I came across a wonderful publication today called Manual del Acequiero; it is a guide to building and maintaining the water channels which criss-cross the mountains of the Sierra Nevada and Alpujarra of Southern Spain.
Acequias are of course much more; they provide essential water to the local communities, and in the Alpujarra keep the mountainside wonderfully green, even in the height of summer.
|Walking along the Acequia above Finca Montana|
At Finca Montana, our cortijo on the mountainside above Lanjaron, we are very fortunate to have lots of springs which provide our water supply and keep our land irrigated. These springs are fed by the acequia and without these ancient irrigation channels, the springs would dry up. We had a reall scare earlier this year when our acequia collapsed down the mountainside. However it was soon restored - demonstrating how important the water is to the local community.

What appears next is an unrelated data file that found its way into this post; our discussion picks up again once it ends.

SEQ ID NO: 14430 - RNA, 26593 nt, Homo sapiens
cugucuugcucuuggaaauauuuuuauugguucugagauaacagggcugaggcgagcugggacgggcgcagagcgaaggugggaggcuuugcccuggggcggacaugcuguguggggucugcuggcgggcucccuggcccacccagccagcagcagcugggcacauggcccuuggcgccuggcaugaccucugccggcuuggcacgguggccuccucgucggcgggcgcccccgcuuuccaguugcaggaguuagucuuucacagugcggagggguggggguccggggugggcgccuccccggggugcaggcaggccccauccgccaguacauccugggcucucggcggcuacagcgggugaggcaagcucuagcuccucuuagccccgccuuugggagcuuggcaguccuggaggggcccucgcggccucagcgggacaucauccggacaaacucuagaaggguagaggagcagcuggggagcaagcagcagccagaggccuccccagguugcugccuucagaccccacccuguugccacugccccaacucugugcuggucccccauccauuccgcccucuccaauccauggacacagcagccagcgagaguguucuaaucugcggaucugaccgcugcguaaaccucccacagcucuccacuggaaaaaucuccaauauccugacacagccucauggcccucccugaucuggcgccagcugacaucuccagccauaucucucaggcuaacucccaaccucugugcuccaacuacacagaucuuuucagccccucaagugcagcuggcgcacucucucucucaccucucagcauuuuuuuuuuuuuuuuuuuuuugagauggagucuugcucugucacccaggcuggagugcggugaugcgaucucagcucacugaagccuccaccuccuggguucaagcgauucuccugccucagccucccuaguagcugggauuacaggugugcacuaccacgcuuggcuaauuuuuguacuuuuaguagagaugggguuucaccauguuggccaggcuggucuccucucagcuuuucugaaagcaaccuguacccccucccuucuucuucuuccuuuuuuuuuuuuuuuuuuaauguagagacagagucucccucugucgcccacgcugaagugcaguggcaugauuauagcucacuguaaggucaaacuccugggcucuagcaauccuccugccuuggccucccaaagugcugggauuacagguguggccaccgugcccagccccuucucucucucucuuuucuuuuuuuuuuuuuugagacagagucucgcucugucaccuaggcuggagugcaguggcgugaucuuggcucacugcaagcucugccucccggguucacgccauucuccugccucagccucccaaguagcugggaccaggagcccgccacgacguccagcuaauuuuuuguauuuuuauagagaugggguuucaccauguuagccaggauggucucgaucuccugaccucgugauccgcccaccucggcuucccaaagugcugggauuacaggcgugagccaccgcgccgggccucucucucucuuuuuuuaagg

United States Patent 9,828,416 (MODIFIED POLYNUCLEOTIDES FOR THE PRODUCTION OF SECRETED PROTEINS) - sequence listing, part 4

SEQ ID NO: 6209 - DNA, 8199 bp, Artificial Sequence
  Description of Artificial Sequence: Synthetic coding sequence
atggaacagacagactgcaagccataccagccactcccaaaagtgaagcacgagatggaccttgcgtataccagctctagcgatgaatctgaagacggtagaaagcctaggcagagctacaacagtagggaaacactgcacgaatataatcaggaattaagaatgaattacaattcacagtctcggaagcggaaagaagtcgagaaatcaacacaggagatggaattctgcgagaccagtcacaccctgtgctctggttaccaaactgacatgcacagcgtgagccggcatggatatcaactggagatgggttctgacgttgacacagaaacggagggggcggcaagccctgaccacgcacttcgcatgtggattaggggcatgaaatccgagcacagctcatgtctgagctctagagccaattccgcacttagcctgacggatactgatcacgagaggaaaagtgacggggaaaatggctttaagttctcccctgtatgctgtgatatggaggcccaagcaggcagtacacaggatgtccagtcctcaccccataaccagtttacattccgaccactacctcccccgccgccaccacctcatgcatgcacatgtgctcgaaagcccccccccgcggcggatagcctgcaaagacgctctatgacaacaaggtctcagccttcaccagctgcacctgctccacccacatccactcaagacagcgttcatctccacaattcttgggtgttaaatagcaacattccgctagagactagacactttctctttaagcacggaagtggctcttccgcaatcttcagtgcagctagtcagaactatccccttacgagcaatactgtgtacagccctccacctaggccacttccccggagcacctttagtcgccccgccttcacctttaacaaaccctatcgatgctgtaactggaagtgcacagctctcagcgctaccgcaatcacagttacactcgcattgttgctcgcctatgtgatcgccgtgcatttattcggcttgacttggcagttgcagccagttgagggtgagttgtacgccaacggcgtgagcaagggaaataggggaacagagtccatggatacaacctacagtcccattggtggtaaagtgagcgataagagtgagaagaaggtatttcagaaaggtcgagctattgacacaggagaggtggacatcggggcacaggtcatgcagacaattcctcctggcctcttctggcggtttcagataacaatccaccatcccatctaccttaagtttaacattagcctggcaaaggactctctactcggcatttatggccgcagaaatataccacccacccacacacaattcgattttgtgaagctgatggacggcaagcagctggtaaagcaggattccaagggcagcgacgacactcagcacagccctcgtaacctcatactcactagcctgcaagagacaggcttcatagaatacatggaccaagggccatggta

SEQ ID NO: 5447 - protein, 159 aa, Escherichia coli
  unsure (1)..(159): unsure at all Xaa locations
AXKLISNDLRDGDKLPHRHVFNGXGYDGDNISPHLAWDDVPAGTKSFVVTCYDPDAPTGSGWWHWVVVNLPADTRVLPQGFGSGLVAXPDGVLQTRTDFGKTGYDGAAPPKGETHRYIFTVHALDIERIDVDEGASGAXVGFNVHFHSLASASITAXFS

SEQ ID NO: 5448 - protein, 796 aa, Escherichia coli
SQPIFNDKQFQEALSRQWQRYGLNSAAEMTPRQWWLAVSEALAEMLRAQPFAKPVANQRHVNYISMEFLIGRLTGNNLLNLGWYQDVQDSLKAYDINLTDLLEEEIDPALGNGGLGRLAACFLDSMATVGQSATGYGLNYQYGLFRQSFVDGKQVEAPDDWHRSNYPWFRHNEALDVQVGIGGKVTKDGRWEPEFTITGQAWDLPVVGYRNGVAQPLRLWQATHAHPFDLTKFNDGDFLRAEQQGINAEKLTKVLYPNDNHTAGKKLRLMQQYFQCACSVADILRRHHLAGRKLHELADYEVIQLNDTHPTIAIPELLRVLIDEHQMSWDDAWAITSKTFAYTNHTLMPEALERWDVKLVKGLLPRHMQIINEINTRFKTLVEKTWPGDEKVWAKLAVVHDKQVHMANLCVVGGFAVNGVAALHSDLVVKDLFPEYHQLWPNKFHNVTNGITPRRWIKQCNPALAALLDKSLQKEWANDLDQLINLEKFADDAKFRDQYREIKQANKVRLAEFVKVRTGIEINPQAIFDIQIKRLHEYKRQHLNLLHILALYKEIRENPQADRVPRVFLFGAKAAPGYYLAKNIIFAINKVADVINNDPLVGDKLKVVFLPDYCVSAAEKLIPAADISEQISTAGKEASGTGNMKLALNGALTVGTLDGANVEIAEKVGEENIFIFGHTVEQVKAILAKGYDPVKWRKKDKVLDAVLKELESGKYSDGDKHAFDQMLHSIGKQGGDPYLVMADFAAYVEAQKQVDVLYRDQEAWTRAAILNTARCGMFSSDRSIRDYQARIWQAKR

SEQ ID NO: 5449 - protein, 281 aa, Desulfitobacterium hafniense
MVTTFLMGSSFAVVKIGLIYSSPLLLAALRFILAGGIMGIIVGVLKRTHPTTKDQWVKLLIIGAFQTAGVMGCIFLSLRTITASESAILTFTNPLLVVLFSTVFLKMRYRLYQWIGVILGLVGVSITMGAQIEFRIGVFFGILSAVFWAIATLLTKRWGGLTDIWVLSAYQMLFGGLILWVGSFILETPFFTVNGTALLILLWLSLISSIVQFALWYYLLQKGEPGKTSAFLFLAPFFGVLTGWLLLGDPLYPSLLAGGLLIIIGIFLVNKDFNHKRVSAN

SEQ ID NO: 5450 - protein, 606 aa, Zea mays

Acequias are not unique to our part of Spain; originally built by the Moors of north Africa, they can be found in many other countries, including the high Atlas of Morocco, Madeira (where they are called Levadas) and even Switzerland (where they are called Bisse). The Manual del Acequiero provides guidance for rennovating the acequia with lots of pictures demonstrating how they are built. Often the acequia would have been lined with massive stone blocks, which can still be seen in the Alpujarra and Sierra Nevada. The stone and materials would have been brought in by the acequiero and his mule.
Why not come and stay with us at Finca Montana and take a walk along our acequia, or meet Pepe, our very own Acequiero who walks past Finca Montana most days with his goats.